by Rankin Wilbourne
About Rankin: Rankin is the Lead Pastor of Pacific Crossroads Church in Los Angeles, a town that he enjoys because it turns around the idea of story and the need for a redemptive ending. Rankin lives with his wife Morgen, who grew up in New York City, along with their daughter and son. He enjoys sports, poetry and music, especially Bruce Springsteen. For more about Rankin, click here.
In this season of Advent, as we celebrate God’s grace coming to us, you might find yourself wondering, “If the Christian life is all of grace, what then does God expect of me?”
Cue the story Jesus tells in Luke 19: “He said therefore, “A nobleman went into a far country to receive for himself a kingdom and then return. Calling ten of his servants, he gave them ten minas [a mina was about 3 months wages] and said to them, ‘Engage in business until I come’” .
As opposed to Matthew’s version of the story, in which the servants receive different amounts of talents, in this telling, each receives the same gift. What does Jesus give in equal measure to every one of his followers? The gospel, a new identity, this is our coin. Each of us is given a vocation. The parable means that no Christian can any longer say, “I am insignificant.” Almost every other story in the Bible denounces pride, while this story is unique in denouncing humility.
In which of these servants do you find yourself portrayed?
There are two servants who did their work and made a profit. They are commended, verse 17, “Well done, good servant.” Godly ambition is a good thing. It’s admirable to want to build something. The question is, for whose name? These workers receive their master’s praise. Whose praise are you living for?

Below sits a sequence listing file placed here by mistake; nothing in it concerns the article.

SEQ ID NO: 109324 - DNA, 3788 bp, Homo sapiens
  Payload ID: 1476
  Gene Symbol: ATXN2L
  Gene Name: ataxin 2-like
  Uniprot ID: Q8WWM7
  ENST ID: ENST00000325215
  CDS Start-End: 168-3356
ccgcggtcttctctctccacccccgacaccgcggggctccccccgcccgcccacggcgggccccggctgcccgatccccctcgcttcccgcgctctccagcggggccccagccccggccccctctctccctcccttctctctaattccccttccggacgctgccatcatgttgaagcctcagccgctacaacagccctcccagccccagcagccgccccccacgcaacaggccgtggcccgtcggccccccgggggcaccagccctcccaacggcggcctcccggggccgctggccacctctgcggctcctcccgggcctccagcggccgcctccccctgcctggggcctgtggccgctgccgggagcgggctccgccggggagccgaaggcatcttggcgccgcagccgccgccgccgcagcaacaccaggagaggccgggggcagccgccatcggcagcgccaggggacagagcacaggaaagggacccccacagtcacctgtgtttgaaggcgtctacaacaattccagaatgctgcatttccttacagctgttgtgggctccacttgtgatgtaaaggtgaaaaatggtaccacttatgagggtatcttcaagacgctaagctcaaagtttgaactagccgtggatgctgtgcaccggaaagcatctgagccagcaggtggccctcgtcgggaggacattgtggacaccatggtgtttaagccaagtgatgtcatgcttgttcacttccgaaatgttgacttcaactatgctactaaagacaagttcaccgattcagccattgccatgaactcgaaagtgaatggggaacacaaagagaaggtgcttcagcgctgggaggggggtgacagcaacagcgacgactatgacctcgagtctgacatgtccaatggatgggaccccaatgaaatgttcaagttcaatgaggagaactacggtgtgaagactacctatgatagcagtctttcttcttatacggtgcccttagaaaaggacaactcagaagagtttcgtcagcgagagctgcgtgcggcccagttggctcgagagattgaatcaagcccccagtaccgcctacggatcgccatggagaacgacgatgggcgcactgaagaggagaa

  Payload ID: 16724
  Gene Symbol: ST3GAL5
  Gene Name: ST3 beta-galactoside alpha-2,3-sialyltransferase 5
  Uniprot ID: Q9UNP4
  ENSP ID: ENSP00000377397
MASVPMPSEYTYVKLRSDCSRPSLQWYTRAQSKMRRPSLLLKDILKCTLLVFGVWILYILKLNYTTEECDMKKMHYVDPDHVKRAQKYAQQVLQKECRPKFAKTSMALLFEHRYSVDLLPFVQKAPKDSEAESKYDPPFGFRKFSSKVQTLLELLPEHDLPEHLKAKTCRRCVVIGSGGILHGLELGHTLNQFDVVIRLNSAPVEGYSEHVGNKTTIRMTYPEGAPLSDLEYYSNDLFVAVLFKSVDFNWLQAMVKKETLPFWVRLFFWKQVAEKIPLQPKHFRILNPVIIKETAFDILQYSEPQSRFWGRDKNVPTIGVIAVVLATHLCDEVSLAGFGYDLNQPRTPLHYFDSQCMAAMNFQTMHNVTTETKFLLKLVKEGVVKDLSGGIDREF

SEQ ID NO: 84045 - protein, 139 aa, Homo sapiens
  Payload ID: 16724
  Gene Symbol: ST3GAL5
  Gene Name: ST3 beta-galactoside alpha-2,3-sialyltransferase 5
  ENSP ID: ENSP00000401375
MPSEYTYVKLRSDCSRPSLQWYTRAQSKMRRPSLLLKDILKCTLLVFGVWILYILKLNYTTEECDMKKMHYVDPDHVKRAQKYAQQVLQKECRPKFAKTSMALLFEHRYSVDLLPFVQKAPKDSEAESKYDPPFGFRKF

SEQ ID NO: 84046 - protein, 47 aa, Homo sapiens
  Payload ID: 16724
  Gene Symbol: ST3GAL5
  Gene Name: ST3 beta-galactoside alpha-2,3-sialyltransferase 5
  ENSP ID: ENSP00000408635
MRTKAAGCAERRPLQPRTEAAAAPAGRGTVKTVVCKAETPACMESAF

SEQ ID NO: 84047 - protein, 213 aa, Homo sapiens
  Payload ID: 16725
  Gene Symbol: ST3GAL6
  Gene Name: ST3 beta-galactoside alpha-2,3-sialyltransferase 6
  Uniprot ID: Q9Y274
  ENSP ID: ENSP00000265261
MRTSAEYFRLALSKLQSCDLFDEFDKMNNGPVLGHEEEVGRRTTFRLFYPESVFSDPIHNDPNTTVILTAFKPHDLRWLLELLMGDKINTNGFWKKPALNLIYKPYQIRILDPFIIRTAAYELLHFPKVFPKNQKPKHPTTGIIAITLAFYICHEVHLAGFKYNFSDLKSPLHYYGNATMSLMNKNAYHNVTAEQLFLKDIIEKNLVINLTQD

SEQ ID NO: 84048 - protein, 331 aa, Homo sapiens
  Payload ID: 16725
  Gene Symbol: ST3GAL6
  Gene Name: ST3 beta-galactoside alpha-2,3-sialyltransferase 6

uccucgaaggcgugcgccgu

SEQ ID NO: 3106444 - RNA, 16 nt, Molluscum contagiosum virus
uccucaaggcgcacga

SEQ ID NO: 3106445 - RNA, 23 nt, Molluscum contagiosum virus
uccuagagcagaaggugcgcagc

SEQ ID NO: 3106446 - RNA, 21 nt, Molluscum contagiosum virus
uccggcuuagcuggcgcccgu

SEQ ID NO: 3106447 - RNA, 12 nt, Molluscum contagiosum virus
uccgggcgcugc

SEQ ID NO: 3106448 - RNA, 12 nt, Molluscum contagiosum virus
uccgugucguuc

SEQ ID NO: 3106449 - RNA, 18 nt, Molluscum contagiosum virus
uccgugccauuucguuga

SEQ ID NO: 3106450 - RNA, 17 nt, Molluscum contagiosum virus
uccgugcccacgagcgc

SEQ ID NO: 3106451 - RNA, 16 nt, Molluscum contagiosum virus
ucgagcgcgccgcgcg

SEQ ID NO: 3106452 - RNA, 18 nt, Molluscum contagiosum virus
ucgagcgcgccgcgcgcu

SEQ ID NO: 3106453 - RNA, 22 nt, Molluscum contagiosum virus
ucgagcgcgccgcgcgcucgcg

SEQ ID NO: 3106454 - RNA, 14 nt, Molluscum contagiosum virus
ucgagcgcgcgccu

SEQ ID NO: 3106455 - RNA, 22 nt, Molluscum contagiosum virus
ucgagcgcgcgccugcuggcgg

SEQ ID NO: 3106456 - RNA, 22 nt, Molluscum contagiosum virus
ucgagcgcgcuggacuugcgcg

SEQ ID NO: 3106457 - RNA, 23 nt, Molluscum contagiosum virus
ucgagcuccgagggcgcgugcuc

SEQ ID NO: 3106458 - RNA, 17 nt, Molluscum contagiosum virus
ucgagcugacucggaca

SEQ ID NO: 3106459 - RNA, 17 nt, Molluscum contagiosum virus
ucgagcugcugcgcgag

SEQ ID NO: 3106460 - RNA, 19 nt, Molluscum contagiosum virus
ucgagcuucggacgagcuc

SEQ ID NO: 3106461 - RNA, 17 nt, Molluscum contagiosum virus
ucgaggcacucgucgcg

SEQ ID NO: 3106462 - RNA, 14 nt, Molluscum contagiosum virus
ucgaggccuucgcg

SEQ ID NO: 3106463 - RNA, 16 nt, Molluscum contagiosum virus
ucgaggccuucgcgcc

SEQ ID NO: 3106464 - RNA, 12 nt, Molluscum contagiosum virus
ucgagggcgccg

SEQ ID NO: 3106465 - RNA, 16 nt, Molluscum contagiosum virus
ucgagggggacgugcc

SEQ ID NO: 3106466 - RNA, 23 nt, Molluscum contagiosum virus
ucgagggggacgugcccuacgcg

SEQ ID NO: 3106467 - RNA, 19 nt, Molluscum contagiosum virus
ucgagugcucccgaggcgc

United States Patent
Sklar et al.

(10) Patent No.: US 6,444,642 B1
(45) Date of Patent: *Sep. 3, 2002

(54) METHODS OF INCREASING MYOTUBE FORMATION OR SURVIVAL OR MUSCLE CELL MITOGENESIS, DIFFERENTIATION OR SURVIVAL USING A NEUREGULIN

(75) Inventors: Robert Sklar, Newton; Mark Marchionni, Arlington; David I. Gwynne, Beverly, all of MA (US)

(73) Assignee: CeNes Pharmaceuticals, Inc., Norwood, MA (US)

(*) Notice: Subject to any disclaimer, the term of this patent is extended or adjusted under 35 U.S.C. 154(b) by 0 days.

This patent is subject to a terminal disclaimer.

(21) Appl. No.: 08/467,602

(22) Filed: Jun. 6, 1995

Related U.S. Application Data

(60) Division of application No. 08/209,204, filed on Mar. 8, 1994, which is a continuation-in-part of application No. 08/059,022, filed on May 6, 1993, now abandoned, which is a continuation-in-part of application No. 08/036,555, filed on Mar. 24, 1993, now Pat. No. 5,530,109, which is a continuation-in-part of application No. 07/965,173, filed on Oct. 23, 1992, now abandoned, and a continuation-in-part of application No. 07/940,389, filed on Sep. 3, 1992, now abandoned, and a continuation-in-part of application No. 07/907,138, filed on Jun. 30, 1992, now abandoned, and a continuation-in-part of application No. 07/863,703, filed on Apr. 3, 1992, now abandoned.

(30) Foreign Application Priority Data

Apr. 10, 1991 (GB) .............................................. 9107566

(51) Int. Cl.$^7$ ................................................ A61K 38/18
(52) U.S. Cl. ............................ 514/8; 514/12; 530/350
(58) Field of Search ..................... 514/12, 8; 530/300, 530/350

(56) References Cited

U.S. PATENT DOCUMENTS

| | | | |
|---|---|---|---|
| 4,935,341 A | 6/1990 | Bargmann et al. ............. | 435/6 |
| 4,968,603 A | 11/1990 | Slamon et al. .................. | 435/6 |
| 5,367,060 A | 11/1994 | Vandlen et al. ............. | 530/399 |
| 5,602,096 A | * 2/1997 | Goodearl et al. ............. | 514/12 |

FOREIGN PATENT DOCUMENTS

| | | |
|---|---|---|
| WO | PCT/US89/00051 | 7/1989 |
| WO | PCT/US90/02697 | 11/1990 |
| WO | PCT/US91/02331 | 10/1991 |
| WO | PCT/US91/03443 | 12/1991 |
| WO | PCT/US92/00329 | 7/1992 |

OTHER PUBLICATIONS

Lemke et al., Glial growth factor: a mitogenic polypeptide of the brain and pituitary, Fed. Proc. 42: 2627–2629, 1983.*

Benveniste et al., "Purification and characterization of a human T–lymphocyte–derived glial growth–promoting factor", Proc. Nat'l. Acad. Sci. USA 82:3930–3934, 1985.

Which brings us to the third servant, dutifully carrying his coins around in his handkerchief, day after day. The real surprise of Jesus’ story is that the servant is judged not because of bad investments, but because of no investments. He did nothing wrong; he did nothing right.
Jesus is not telling a story about moral failures. He is talking about fearful and careful people who do everything they can to minimize risk because they do not trust the Master enough to live by His bold instruction.
We are saved by faith alone but faith that saves is never alone. Are you using your coin? Are you taking risks?
Prayer: Father, thank you for Jesus. While we were yet neither good nor faithful servants, Jesus left his throne to enter the far county. Jesus, you are the good and faithful servant, so today in our work let our motive be to serve you, to live for the benediction you have already pronounced over us, “Well Done!” Amen.
 Luke 19:12-13